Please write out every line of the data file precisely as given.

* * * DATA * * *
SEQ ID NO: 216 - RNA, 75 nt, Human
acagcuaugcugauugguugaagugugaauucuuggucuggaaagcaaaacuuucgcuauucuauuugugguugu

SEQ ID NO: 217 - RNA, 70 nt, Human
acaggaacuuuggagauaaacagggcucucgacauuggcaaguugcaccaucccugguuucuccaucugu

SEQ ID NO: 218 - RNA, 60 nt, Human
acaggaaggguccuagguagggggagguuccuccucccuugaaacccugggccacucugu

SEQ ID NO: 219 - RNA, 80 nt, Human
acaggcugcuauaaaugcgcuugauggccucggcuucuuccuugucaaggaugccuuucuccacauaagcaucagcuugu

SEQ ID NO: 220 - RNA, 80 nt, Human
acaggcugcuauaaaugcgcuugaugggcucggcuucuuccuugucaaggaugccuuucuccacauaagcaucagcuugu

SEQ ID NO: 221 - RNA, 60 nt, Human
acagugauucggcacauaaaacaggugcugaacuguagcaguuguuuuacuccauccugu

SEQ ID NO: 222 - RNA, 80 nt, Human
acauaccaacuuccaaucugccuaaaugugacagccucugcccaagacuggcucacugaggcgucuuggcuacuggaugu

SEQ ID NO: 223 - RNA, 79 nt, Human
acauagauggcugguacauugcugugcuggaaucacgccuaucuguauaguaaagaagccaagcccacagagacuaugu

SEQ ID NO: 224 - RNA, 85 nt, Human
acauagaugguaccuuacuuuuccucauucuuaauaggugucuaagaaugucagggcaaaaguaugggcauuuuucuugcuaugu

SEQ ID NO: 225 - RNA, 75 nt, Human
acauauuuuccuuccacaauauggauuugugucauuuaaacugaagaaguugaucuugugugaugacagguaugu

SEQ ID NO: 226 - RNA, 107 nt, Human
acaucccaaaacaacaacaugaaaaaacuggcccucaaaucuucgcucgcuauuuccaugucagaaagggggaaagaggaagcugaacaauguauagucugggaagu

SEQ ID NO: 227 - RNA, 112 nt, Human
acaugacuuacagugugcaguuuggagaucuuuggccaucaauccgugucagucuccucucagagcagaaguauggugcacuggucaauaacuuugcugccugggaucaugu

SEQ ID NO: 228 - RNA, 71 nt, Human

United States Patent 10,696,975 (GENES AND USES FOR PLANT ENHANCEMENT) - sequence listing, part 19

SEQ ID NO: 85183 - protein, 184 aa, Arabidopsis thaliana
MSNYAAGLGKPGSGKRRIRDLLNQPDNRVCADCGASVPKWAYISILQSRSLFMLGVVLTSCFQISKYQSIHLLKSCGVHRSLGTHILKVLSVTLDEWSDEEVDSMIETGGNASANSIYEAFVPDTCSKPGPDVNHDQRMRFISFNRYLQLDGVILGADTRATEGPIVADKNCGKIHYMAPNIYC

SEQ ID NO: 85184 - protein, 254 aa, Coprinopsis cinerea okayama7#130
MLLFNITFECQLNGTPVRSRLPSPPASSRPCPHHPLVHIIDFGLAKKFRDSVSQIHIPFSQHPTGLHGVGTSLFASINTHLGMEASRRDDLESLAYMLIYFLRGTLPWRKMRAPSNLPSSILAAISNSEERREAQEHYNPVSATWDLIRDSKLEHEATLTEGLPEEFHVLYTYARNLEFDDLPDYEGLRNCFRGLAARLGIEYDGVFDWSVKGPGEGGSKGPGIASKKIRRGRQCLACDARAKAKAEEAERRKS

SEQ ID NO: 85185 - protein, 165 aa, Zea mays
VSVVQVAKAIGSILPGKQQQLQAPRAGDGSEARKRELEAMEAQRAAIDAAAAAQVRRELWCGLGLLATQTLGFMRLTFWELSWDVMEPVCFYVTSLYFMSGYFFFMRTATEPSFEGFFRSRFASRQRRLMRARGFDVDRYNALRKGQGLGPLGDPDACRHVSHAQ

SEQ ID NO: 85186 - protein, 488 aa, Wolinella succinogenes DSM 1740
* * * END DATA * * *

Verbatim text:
SEQ ID NO: 216 - RNA, 75 nt, Human
acagcuaugcugauugguugaagugugaauucuuggucuggaaagcaaaacuuucgcuauucuauuugugguugu

SEQ ID NO: 217 - RNA, 70 nt, Human
acaggaacuuuggagauaaacagggcucucgacauuggcaaguugcaccaucccugguuucuccaucugu

SEQ ID NO: 218 - RNA, 60 nt, Human
acaggaaggguccuagguagggggagguuccuccucccuugaaacccugggccacucugu

SEQ ID NO: 219 - RNA, 80 nt, Human
acaggcugcuauaaaugcgcuugauggccucggcuucuuccuugucaaggaugccuuucuccacauaagcaucagcuugu

SEQ ID NO: 220 - RNA, 80 nt, Human
acaggcugcuauaaaugcgcuugaugggcucggcuucuuccuugucaaggaugccuuucuccacauaagcaucagcuugu

SEQ ID NO: 221 - RNA, 60 nt, Human
acagugauucggcacauaaaacaggugcugaacuguagcaguuguuuuacuccauccugu

SEQ ID NO: 222 - RNA, 80 nt, Human
acauaccaacuuccaaucugccuaaaugugacagccucugcccaagacuggcucacugaggcgucuuggcuacuggaugu

SEQ ID NO: 223 - RNA, 79 nt, Human
acauagauggcugguacauugcugugcuggaaucacgccuaucuguauaguaaagaagccaagcccacagagacuaugu

SEQ ID NO: 224 - RNA, 85 nt, Human
acauagaugguaccuuacuuuuccucauucuuaauaggugucuaagaaugucagggcaaaaguaugggcauuuuucuugcuaugu

SEQ ID NO: 225 - RNA, 75 nt, Human
acauauuuuccuuccacaauauggauuugugucauuuaaacugaagaaguugaucuugugugaugacagguaugu

SEQ ID NO: 226 - RNA, 107 nt, Human
acaucccaaaacaacaacaugaaaaaacuggcccucaaaucuucgcucgcuauuuccaugucagaaagggggaaagaggaagcugaacaauguauagucugggaagu

SEQ ID NO: 227 - RNA, 112 nt, Human
acaugacuuacagugugcaguuuggagaucuuuggccaucaauccgugucagucuccucucagagcagaaguauggugcacuggucaauaacuuugcugccugggaucaugu

SEQ ID NO: 228 - RNA, 71 nt, Human

United States Patent 10,696,975 (GENES AND USES FOR PLANT ENHANCEMENT) - sequence listing, part 19

SEQ ID NO: 85183 - protein, 184 aa, Arabidopsis thaliana
MSNYAAGLGKPGSGKRRIRDLLNQPDNRVCADCGASVPKWAYISILQSRSLFMLGVVLTSCFQISKYQSIHLLKSCGVHRSLGTHILKVLSVTLDEWSDEEVDSMIETGGNASANSIYEAFVPDTCSKPGPDVNHDQRMRFISFNRYLQLDGVILGADTRATEGPIVADKNCGKIHYMAPNIYC

SEQ ID NO: 85184 - protein, 254 aa, Coprinopsis cinerea okayama7#130
MLLFNITFECQLNGTPVRSRLPSPPASSRPCPHHPLVHIIDFGLAKKFRDSVSQIHIPFSQHPTGLHGVGTSLFASINTHLGMEASRRDDLESLAYMLIYFLRGTLPWRKMRAPSNLPSSILAAISNSEERREAQEHYNPVSATWDLIRDSKLEHEATLTEGLPEEFHVLYTYARNLEFDDLPDYEGLRNCFRGLAARLGIEYDGVFDWSVKGPGEGGSKGPGIASKKIRRGRQCLACDARAKAKAEEAERRKS

SEQ ID NO: 85185 - protein, 165 aa, Zea mays
VSVVQVAKAIGSILPGKQQQLQAPRAGDGSEARKRELEAMEAQRAAIDAAAAAQVRRELWCGLGLLATQTLGFMRLTFWELSWDVMEPVCFYVTSLYFMSGYFFFMRTATEPSFEGFFRSRFASRQRRLMRARGFDVDRYNALRKGQGLGPLGDPDACRHVSHAQ

SEQ ID NO: 85186 - protein, 488 aa, Wolinella succinogenes DSM 1740